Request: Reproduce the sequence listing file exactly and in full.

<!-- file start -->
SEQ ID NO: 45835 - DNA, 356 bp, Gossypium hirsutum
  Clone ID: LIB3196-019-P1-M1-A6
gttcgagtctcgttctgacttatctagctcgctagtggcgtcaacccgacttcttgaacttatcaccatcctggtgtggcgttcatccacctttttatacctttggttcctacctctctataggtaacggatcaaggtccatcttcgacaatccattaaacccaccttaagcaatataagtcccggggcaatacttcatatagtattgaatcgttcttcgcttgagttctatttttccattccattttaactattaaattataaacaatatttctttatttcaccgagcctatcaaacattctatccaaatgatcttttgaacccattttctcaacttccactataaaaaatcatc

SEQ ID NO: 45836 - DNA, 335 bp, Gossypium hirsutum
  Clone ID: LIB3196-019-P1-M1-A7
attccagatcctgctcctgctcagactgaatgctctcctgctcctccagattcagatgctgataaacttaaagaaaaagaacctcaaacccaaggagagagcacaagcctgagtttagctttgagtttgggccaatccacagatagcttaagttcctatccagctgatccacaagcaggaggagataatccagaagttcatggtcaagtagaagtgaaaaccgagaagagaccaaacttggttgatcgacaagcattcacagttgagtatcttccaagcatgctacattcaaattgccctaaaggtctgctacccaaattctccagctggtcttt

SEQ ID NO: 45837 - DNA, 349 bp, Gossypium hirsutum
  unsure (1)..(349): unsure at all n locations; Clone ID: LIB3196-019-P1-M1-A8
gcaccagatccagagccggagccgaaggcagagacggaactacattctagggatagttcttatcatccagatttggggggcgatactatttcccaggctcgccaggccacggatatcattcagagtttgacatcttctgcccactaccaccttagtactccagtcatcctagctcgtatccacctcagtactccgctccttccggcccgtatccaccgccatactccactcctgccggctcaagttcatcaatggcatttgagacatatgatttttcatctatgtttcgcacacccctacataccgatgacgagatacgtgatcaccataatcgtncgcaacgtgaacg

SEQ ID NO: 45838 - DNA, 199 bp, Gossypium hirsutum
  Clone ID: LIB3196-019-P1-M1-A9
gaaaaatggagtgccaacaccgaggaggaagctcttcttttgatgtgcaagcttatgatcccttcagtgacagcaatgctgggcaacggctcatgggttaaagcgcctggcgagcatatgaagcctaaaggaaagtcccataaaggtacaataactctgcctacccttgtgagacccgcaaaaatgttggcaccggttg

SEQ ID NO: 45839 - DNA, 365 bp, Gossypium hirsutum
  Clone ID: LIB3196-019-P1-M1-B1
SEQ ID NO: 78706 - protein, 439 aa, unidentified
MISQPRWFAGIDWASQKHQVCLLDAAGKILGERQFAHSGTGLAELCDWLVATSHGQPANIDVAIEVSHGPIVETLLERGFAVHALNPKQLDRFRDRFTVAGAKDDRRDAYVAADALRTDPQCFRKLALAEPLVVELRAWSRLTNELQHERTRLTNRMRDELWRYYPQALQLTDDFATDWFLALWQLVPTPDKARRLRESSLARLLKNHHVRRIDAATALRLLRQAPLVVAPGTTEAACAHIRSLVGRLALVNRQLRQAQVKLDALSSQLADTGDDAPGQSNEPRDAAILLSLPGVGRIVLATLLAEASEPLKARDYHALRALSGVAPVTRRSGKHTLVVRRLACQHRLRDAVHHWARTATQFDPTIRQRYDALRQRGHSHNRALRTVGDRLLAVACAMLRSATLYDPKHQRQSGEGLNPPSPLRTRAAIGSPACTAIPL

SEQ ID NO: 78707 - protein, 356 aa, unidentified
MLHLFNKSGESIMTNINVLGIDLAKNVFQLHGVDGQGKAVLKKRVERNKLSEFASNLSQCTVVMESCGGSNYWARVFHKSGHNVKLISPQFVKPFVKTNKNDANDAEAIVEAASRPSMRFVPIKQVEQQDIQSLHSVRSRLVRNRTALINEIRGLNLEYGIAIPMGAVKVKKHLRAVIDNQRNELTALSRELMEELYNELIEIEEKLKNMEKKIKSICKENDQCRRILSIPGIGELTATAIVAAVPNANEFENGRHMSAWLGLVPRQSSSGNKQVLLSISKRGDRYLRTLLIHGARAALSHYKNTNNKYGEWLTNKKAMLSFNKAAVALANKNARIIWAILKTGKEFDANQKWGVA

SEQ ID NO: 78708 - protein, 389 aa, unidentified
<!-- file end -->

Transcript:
SEQ ID NO: 45835 - DNA, 356 bp, Gossypium hirsutum
  Clone ID: LIB3196-019-P1-M1-A6
gttcgagtctcgttctgacttatctagctcgctagtggcgtcaacccgacttcttgaacttatcaccatcctggtgtggcgttcatccacctttttatacctttggttcctacctctctataggtaacggatcaaggtccatcttcgacaatccattaaacccaccttaagcaatataagtcccggggcaatacttcatatagtattgaatcgttcttcgcttgagttctatttttccattccattttaactattaaattataaacaatatttctttatttcaccgagcctatcaaacattctatccaaatgatcttttgaacccattttctcaacttccactataaaaaatcatc

SEQ ID NO: 45836 - DNA, 335 bp, Gossypium hirsutum
  Clone ID: LIB3196-019-P1-M1-A7
attccagatcctgctcctgctcagactgaatgctctcctgctcctccagattcagatgctgataaacttaaagaaaaagaacctcaaacccaaggagagagcacaagcctgagtttagctttgagtttgggccaatccacagatagcttaagttcctatccagctgatccacaagcaggaggagataatccagaagttcatggtcaagtagaagtgaaaaccgagaagagaccaaacttggttgatcgacaagcattcacagttgagtatcttccaagcatgctacattcaaattgccctaaaggtctgctacccaaattctccagctggtcttt

SEQ ID NO: 45837 - DNA, 349 bp, Gossypium hirsutum
  unsure (1)..(349): unsure at all n locations; Clone ID: LIB3196-019-P1-M1-A8
gcaccagatccagagccggagccgaaggcagagacggaactacattctagggatagttcttatcatccagatttggggggcgatactatttcccaggctcgccaggccacggatatcattcagagtttgacatcttctgcccactaccaccttagtactccagtcatcctagctcgtatccacctcagtactccgctccttccggcccgtatccaccgccatactccactcctgccggctcaagttcatcaatggcatttgagacatatgatttttcatctatgtttcgcacacccctacataccgatgacgagatacgtgatcaccataatcgtncgcaacgtgaacg

SEQ ID NO: 45838 - DNA, 199 bp, Gossypium hirsutum
  Clone ID: LIB3196-019-P1-M1-A9
gaaaaatggagtgccaacaccgaggaggaagctcttcttttgatgtgcaagcttatgatcccttcagtgacagcaatgctgggcaacggctcatgggttaaagcgcctggcgagcatatgaagcctaaaggaaagtcccataaaggtacaataactctgcctacccttgtgagacccgcaaaaatgttggcaccggttg

SEQ ID NO: 45839 - DNA, 365 bp, Gossypium hirsutum
  Clone ID: LIB3196-019-P1-M1-B1
SEQ ID NO: 78706 - protein, 439 aa, unidentified
MISQPRWFAGIDWASQKHQVCLLDAAGKILGERQFAHSGTGLAELCDWLVATSHGQPANIDVAIEVSHGPIVETLLERGFAVHALNPKQLDRFRDRFTVAGAKDDRRDAYVAADALRTDPQCFRKLALAEPLVVELRAWSRLTNELQHERTRLTNRMRDELWRYYPQALQLTDDFATDWFLALWQLVPTPDKARRLRESSLARLLKNHHVRRIDAATALRLLRQAPLVVAPGTTEAACAHIRSLVGRLALVNRQLRQAQVKLDALSSQLADTGDDAPGQSNEPRDAAILLSLPGVGRIVLATLLAEASEPLKARDYHALRALSGVAPVTRRSGKHTLVVRRLACQHRLRDAVHHWARTATQFDPTIRQRYDALRQRGHSHNRALRTVGDRLLAVACAMLRSATLYDPKHQRQSGEGLNPPSPLRTRAAIGSPACTAIPL

SEQ ID NO: 78707 - protein, 356 aa, unidentified
MLHLFNKSGESIMTNINVLGIDLAKNVFQLHGVDGQGKAVLKKRVERNKLSEFASNLSQCTVVMESCGGSNYWARVFHKSGHNVKLISPQFVKPFVKTNKNDANDAEAIVEAASRPSMRFVPIKQVEQQDIQSLHSVRSRLVRNRTALINEIRGLNLEYGIAIPMGAVKVKKHLRAVIDNQRNELTALSRELMEELYNELIEIEEKLKNMEKKIKSICKENDQCRRILSIPGIGELTATAIVAAVPNANEFENGRHMSAWLGLVPRQSSSGNKQVLLSISKRGDRYLRTLLIHGARAALSHYKNTNNKYGEWLTNKKAMLSFNKAAVALANKNARIIWAILKTGKEFDANQKWGVA

SEQ ID NO: 78708 - protein, 389 aa, unidentified